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Radioiodine releases in nuclear emergency scenarios.
In: Current Topics in Environmental Health and Preventive Medicine. 2019. 175-204
This document provides a comprehensive overview study on the physico-chemical speciation of radioiodine observed in the atmosphere after various emissions related to nuclear activities: nuclear weapon tests, accident and incident releases, and routine discharges. The study covers different types of nuclear facilities including medical isotope production facilities (MIPFs), reprocessing plants (RPs), and nuclear power plants (NPPs). Most attention is paid to 131I which has a major human health impact in the early stages of a nuclear emergency situation with regard to inhalation. Iodine-131 combines a high yield by neutron-induced nuclear fission of 235U (2.87%) or 239Pu (3.8%), high dose coefficients, and a radioactive half-life long enough to allow for spreading at global scales and entering the food chain but sufficiently short to produce a significant dose commitment when inhaled or ingested. Reliable dose assessment requires both detailed and valid information on the physico-chemical composition of 131I present in the air. Apart from reactor explosions and fires, which produce large amounts of particles and may therefore favor the presence of iodine in particulate form at short distance, other nuclear accident scenarios will lead fairly rapidly to a dominant gaseous radioiodine proportion in the atmosphere.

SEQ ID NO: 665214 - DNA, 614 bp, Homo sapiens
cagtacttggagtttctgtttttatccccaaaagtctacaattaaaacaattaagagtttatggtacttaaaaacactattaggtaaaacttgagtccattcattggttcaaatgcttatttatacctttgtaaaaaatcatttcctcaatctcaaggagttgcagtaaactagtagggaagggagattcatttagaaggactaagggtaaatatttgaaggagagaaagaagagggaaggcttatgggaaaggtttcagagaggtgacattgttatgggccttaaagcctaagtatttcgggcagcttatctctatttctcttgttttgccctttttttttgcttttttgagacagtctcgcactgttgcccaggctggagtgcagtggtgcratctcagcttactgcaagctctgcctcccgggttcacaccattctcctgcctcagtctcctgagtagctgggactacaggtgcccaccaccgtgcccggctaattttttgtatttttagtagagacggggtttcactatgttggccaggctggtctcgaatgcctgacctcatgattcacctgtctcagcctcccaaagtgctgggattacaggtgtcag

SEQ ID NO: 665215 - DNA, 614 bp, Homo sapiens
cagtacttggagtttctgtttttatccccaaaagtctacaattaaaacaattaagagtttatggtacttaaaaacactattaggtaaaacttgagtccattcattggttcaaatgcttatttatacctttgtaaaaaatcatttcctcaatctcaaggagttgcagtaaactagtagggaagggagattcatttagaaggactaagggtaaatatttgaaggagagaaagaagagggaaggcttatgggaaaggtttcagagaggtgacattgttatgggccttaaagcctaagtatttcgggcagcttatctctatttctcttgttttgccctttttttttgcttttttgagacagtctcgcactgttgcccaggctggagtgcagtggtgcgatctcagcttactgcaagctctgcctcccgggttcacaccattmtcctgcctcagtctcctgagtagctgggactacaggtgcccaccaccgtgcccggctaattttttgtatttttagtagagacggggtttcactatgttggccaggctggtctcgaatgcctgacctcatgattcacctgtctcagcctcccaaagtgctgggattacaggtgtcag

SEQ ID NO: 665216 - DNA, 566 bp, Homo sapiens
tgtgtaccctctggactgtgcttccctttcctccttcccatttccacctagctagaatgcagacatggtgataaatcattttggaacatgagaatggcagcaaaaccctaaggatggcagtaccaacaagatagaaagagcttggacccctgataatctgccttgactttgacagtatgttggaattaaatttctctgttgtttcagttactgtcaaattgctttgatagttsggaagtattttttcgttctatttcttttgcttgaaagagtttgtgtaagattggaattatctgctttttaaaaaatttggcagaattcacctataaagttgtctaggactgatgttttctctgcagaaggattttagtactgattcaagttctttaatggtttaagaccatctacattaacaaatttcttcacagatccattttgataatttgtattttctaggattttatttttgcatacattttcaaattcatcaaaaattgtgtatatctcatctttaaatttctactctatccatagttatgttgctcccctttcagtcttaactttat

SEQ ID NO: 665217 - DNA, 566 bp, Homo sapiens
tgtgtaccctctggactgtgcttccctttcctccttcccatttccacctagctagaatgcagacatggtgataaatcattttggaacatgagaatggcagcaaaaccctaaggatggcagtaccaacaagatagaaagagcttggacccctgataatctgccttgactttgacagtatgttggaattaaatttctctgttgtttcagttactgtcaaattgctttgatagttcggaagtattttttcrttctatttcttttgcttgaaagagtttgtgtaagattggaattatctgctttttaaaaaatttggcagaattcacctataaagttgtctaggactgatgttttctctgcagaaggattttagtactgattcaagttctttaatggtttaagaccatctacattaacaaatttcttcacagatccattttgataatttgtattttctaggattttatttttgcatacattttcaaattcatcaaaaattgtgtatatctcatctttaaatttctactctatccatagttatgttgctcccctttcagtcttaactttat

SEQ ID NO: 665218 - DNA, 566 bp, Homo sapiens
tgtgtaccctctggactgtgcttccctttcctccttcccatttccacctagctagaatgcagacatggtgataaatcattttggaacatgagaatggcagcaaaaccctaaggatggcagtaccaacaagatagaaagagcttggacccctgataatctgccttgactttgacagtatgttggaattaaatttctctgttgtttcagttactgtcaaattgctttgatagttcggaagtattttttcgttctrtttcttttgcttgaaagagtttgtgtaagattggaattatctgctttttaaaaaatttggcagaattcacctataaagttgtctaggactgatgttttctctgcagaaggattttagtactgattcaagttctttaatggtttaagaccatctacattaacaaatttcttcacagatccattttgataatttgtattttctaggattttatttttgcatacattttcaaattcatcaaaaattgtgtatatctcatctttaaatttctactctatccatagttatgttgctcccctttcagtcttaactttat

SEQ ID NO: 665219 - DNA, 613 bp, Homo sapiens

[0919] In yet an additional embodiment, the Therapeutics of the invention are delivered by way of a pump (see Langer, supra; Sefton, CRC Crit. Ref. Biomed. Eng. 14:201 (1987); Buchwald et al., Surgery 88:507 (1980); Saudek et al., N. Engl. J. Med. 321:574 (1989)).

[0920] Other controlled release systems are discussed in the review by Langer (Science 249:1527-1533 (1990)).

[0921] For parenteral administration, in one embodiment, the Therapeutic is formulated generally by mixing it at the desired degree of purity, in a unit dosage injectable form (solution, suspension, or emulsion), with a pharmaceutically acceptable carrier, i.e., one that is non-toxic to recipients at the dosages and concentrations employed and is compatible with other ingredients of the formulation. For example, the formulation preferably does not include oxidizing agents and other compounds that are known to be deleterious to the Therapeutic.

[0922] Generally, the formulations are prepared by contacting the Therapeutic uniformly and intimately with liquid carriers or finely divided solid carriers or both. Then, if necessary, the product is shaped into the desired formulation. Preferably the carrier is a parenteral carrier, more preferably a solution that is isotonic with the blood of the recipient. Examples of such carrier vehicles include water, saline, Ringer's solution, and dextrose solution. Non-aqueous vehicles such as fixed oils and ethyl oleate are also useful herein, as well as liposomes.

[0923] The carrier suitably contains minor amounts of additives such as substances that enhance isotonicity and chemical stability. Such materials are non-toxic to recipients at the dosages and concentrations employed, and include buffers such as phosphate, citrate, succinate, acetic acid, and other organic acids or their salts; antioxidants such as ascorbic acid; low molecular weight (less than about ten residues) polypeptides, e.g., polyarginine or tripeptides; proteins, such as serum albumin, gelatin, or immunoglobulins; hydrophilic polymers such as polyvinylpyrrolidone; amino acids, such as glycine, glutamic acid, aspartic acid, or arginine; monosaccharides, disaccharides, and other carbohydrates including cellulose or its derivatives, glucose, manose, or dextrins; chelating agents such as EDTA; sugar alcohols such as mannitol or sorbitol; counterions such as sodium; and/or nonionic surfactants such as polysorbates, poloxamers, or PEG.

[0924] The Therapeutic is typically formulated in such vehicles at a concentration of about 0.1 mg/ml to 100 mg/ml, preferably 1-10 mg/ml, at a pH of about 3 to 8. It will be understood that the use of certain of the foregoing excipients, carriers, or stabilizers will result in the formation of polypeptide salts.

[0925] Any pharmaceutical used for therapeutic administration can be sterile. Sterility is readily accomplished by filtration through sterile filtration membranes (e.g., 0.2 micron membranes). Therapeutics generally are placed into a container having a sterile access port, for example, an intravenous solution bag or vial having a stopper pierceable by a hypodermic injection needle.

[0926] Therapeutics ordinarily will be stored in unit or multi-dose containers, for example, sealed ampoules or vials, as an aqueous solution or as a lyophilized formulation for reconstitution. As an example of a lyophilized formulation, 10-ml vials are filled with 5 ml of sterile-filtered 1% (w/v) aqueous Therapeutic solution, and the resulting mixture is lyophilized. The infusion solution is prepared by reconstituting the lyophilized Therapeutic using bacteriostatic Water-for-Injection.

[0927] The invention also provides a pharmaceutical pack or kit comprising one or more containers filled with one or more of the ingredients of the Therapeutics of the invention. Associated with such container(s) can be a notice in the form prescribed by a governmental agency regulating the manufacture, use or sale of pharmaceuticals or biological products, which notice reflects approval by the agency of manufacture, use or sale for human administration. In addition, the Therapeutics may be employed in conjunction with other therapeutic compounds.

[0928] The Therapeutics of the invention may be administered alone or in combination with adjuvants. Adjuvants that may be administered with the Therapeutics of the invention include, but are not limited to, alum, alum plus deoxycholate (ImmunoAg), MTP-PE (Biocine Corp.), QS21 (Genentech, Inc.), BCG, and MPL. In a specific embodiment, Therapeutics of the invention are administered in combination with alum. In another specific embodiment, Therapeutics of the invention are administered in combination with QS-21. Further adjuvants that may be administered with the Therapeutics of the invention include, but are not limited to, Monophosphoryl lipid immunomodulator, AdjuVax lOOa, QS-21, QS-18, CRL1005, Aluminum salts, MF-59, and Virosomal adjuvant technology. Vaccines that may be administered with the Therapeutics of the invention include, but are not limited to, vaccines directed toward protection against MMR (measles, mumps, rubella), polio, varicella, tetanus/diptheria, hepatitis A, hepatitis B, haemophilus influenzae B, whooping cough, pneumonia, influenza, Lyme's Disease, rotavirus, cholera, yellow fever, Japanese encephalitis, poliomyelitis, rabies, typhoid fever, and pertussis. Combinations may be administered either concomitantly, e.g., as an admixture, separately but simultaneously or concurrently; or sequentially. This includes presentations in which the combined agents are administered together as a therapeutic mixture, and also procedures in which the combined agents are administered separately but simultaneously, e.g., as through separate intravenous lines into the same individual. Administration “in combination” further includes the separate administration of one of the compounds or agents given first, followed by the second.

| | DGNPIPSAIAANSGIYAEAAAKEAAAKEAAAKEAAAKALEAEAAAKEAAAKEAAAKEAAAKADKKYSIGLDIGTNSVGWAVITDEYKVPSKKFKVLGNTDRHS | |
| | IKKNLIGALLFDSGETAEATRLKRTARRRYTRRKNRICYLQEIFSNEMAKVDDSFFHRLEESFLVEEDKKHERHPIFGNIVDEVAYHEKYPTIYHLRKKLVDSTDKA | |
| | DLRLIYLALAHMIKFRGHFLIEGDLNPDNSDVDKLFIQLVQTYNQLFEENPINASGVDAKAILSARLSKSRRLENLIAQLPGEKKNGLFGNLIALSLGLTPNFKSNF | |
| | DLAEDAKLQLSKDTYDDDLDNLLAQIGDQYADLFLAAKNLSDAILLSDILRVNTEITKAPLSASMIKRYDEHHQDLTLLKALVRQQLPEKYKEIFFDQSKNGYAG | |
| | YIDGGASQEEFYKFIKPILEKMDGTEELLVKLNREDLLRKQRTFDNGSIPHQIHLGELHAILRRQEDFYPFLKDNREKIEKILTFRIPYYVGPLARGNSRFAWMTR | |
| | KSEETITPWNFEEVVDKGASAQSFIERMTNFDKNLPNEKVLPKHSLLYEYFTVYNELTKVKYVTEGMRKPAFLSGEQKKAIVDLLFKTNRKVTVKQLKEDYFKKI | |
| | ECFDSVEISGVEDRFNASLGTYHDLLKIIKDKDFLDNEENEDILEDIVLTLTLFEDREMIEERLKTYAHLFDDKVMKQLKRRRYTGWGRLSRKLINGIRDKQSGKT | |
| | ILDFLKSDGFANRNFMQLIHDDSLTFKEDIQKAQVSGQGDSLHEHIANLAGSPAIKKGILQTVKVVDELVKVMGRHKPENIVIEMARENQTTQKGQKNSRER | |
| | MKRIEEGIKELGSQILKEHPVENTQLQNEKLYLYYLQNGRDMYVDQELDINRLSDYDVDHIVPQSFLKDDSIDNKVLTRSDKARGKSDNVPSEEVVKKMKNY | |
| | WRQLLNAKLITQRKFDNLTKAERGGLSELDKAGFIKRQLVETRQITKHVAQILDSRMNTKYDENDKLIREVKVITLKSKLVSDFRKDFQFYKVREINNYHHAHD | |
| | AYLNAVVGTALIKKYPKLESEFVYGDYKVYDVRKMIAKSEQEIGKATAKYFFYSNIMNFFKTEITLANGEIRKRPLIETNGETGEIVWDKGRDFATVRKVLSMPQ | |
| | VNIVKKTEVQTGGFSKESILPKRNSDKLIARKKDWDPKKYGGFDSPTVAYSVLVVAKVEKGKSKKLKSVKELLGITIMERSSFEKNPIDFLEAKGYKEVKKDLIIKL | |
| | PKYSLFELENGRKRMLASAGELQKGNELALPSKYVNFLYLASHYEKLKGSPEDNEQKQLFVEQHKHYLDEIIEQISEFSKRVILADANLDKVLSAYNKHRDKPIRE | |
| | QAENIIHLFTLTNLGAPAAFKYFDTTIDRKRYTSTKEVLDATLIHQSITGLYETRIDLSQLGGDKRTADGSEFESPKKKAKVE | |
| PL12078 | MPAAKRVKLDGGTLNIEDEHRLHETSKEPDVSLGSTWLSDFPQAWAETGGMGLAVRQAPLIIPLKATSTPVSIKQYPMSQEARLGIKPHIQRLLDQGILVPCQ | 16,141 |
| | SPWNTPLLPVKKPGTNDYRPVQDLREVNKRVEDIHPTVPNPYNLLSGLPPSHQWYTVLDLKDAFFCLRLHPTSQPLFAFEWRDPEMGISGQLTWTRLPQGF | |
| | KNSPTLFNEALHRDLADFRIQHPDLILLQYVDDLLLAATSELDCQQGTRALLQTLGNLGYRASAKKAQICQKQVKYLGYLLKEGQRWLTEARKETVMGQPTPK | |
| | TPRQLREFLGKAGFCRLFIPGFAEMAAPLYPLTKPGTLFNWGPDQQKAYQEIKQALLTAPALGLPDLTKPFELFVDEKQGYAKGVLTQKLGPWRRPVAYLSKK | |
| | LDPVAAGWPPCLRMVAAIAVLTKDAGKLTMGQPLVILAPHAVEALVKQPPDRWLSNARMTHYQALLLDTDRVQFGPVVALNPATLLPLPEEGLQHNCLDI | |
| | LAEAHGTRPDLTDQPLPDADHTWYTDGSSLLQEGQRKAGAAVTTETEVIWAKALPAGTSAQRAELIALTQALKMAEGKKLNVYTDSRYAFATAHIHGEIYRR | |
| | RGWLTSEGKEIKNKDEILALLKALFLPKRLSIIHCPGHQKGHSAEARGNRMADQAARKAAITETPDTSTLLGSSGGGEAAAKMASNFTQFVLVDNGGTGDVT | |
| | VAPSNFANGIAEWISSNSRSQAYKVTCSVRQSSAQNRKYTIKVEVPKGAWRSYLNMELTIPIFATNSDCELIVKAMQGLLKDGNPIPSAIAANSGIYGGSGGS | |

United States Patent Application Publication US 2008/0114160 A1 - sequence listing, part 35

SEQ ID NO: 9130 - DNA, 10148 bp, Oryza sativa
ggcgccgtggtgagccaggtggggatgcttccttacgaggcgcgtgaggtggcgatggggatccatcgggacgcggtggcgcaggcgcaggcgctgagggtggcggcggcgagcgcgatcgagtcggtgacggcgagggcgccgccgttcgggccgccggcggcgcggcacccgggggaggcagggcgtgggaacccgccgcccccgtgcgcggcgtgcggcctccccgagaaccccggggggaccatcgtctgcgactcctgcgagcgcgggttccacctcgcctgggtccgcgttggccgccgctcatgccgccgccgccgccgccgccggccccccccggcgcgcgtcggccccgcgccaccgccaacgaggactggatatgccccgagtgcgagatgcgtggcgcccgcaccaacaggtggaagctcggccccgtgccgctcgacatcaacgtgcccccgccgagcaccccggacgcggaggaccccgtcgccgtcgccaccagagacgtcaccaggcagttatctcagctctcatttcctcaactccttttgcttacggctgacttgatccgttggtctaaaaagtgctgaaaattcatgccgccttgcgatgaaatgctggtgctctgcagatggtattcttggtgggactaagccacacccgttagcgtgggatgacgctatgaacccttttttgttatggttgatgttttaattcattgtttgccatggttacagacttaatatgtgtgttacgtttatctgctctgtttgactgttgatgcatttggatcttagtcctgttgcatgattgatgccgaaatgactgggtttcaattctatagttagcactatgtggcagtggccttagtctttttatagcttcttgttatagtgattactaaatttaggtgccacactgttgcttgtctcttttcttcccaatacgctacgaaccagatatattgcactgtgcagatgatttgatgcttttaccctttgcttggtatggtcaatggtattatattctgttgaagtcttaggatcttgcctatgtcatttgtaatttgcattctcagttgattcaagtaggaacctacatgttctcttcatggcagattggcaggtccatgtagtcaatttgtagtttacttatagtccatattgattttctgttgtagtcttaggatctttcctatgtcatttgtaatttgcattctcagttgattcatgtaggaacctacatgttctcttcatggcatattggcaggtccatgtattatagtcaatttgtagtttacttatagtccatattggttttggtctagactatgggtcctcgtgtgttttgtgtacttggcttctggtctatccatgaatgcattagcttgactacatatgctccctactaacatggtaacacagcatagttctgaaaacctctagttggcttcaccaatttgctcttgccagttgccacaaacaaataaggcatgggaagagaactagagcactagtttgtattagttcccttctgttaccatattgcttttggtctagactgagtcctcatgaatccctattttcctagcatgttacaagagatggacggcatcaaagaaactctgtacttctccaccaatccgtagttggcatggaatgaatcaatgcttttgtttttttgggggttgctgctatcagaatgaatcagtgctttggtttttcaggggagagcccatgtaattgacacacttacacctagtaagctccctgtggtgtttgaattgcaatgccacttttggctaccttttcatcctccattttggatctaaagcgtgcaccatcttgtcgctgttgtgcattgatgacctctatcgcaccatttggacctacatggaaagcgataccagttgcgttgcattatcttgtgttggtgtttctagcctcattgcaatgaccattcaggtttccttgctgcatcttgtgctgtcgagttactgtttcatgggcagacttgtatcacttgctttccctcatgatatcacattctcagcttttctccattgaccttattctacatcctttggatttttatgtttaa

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Publikationstyp Artikel: Sammelbandbeitrag/Buchkapitel
Schlagwörter Iodine; Radioiodine; Nuclear accident; Thyroid; Internal exposure; Radiation protection; Environmental release; Environmental monitoring; Routine discharges
Bandtitel Current Topics in Environmental Health and Preventive Medicine
Quellenangaben Seiten: 175-204
Institut(e) Institute of Radiation Medicine (IRM)